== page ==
J500 Media and the Environment


Churning Green into Ice Cream by hilarywright
October 18, 2008, 5:40 pm
Filed under: Business + Politics, Society + Media | Tags: , ,

Every good marketer knows that the first step to communicating a message is to know thy audience. Thus it comes as no surprise that Jeni Rogers’ presentation emphasized the importance of addressing your audience’s cares and concerns when creating compelling “green” messaging.

Sometimes your audience will be more concerned about budget, quality, and convenience than what’s good for the environment. This doesn’t mean that marketers can’t communicate to these consumers about their green initiatives, but as Jeni put it, “It’s the cherry on top.”


I would argue that as long as going green is the cherry on top, the majority of consumers are unlikely to commit to going green for the long haul. Over my rather short lifetime of 27 years, I have seen the popularity of “going green” come and go in a cyclical pattern. Whether marketers are following the tidal wave or creating it, I’m unsure. But it’s hard for me to believe that every teen to twenty-something who buys a trendy bag or shirt from Target or Threadless is truly committed to making the environment better.

From Target.com

Although the 2007 GfK Roper Green Gauge® study found 87 percent of consumers are “seriously concerned about the environment,” it seems that many face difficulty in turning concern into action. I would argue that if 87 percent were truly “seriously concerned” that we would see more action and that green initiatives would no longer be the cherry on top but rather the ice cream in the sundae.

I do not doubt that the study above accurately presented its findings, but self-reported data is often unreliable because people report how they like to think of themselves or would like others to think of them, rather than their true behavior.

What does this all mean? Green communicators need to work harder to educate consumers about the impact we have on the environment, so becoming more responsible for the environment becomes one of consumers’ main concerns.

In the same study by GfK Roper, 50 percent of consumers said they “do not have the information to be personally involved in increasing their green behavior.” Education is clearly an issue. Until the general public has a better understanding of environmental issues and what they can do about them, I believe “going green” will remain in its cyclical pattern. The trick will be turning green education into common knowledge that consumers do not have to actively seek out.

-Hilary Wright

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5 Comments so far
Leave a comment

Hilary,
Excellent analysis of the dats. As a marketer, what steps do you take to bridge that divide between information and commitment in a way that will stick?
Simran

Comment by j500

Hilary, I like how you pinpoint consumer education as the next step in stopping the green marketing cycle and making it a more permanent issue. What are some ways that companies and enviornmental groups can educate consumers? Do you think people are looking for just facts and figures or more compelling stories to change their behavior?

Comment by michellec1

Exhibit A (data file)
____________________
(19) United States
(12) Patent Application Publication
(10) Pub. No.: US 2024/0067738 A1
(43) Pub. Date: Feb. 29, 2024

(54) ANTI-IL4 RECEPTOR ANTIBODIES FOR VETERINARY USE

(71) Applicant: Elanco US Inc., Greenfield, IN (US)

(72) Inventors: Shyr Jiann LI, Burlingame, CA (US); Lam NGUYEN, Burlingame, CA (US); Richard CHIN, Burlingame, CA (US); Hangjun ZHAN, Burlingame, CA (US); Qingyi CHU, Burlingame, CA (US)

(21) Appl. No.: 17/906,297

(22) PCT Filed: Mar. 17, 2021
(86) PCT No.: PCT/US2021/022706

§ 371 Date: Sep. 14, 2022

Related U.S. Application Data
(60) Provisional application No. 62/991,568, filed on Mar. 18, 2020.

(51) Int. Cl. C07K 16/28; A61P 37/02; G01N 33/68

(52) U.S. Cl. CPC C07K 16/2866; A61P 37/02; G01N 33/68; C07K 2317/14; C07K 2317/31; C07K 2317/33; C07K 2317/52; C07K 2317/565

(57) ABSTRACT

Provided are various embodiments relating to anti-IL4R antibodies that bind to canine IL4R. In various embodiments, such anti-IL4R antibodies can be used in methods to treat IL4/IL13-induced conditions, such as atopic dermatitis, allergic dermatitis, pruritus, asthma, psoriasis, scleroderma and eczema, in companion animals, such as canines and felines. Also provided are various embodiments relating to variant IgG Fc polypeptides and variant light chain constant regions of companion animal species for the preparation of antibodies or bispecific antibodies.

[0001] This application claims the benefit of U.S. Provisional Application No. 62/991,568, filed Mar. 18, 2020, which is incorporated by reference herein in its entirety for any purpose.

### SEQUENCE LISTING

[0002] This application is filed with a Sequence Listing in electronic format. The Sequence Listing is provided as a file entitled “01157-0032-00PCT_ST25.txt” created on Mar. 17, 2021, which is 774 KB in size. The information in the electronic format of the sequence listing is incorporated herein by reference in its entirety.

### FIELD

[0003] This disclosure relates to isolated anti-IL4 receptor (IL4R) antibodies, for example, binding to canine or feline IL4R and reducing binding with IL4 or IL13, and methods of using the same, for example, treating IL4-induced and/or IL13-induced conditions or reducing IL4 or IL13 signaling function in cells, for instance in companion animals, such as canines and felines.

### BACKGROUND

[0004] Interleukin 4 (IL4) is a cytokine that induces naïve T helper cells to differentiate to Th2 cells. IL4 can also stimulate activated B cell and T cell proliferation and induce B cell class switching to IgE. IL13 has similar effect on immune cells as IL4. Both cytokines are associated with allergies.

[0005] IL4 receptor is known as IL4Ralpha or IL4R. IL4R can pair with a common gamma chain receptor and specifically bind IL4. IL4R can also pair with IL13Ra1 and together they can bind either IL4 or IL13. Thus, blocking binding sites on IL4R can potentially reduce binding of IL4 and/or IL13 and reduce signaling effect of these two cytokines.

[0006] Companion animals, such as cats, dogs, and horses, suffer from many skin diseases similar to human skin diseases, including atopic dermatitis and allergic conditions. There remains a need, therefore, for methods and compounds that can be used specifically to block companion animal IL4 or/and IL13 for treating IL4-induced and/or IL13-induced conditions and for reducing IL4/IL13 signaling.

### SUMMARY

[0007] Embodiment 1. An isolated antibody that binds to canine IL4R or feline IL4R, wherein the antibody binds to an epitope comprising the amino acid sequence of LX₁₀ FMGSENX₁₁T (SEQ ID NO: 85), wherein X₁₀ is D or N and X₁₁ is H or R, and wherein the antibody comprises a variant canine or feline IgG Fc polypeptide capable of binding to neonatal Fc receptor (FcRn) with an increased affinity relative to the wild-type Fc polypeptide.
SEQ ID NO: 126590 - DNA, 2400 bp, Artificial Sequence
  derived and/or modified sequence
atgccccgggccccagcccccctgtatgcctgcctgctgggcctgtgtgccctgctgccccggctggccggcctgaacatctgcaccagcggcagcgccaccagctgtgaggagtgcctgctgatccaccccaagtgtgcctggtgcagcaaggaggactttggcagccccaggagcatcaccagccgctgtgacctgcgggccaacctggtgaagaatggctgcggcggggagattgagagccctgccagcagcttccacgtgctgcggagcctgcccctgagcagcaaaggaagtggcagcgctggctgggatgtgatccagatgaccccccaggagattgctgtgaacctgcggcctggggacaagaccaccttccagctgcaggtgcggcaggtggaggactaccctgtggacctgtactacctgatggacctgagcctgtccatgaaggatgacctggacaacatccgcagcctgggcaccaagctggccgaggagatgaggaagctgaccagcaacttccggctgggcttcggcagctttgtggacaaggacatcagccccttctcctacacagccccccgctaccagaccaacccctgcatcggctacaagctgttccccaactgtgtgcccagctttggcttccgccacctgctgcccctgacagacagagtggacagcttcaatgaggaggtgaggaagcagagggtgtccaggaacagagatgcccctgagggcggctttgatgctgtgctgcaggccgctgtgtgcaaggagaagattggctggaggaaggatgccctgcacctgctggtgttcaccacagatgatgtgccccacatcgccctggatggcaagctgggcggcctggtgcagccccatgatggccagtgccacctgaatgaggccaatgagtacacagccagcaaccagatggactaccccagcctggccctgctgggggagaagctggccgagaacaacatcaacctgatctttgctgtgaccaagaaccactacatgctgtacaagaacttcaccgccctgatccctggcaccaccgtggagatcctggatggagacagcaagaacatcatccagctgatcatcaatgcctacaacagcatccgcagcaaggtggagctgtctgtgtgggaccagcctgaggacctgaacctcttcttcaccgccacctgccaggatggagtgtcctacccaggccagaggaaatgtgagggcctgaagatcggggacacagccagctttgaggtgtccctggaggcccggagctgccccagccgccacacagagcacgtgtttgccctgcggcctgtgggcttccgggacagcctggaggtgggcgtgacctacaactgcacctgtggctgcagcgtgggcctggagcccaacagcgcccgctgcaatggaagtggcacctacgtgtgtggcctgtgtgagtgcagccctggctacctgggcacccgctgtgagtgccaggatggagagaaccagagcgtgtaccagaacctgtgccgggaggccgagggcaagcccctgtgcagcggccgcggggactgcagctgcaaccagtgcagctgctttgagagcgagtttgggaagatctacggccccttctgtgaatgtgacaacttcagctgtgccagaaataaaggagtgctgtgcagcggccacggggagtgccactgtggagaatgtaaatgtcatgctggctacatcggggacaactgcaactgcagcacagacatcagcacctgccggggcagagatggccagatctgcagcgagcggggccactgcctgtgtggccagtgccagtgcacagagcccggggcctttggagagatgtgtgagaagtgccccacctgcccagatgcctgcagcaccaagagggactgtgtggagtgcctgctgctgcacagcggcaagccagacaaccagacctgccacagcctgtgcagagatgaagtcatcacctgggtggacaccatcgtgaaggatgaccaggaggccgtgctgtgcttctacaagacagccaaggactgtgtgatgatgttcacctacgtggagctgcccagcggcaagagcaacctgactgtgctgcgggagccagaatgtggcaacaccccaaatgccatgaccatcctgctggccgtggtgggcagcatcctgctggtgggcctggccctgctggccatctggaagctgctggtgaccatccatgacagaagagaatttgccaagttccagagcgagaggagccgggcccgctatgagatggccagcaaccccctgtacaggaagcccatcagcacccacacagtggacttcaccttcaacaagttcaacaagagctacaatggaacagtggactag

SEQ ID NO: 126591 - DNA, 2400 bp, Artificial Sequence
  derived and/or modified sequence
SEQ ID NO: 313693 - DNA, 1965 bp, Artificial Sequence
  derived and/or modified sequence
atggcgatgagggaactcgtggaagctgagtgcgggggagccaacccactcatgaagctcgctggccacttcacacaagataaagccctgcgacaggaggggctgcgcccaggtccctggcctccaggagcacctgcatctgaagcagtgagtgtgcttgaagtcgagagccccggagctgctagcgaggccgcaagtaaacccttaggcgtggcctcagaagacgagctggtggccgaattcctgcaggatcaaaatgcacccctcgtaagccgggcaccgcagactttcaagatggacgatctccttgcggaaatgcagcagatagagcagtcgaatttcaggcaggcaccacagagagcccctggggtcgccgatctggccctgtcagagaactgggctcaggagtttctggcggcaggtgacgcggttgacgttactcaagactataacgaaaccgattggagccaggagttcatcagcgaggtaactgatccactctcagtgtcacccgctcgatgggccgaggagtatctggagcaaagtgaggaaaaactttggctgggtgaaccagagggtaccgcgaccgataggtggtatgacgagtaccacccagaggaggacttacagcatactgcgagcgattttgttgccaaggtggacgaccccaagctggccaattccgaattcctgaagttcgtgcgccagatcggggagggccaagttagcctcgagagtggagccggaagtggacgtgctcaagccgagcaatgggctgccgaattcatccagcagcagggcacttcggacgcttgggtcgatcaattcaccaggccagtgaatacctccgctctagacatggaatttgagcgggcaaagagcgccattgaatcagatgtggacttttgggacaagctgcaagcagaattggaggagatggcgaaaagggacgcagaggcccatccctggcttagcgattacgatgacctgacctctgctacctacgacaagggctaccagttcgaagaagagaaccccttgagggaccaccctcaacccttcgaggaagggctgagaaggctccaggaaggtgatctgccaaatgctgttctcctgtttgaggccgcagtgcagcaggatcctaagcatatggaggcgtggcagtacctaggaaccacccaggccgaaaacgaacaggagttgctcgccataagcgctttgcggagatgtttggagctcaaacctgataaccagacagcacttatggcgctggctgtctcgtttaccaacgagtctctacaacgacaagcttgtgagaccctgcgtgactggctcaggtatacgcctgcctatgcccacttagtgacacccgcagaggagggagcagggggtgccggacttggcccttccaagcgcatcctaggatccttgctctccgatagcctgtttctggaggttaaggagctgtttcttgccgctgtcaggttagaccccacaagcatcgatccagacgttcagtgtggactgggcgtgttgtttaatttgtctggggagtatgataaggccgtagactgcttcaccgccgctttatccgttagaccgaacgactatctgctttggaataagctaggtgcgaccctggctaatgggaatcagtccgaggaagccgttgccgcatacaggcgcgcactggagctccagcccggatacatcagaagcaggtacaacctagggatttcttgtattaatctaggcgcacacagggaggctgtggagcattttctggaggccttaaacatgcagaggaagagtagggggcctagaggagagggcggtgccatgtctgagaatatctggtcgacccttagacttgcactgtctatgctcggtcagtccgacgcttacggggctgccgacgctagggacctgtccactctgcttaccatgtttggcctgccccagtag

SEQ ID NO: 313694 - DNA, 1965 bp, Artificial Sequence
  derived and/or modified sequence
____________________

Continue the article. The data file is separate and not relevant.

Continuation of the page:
Hilary – While reading your post an interesting commercial just came on tv from IBM. I tried to find a link for it on You Tube, but wasn’t successful. After the commercial it directs you to http://www.ibm.com/gogreen and I was interested enough in the commercial to see what IBM is doing to go green. I agree with what you said in your post that green communicators need to work harder to educate consumers and that is exactly what this site attempts to do. I think education is going to be the foundation for this green movement and to keep it fresh and new. Do you have an example of how one of your favorite companies that is going green is attempting to educate consumers?
-Brooke

Comment by brookec08

Hillary,

I agree with you that not everyone who buys green is actually 100% committed to making the environment better. Is it a game? Companies pretend to go green and consumers pretend to believe in it and buy into it? But even if it is a game, at least, more and more attention is being brought to environmental issues. While it’s not ideal, it’s a start. I’m not sure what can be done to make people really committ. More education would be important, more accessibility in terms of product prices, recycling centers, etc, would also help. If not perfect, at least the green wave seems to be getting our minds thinking.
Angelike

Comment by angelikeg

In order for companies to successfully market green products, I believe at least three things must occur: 1) consumers must understand why they should care, 2) consumers must know how to take on green behavior, and 3) the advertising of companies selling “green” products must be regulated, so consumers know it can be trusted.

I think the first step for accomplishing number one and two above is for environmental nonprofit organizations to invest in ad campaigns to reach the general public. Benchmarking campaigns that have educated people on being healthy such as Got Milk or anti-smoking campaigns could be a good place to start. These campaigns have managed to create really simple messages that make the issue at hand personal to the audience. Thus in order to bridge the gap between information and commitment, marketers need to make the message simple and make it matter.

Comment by hilarywright




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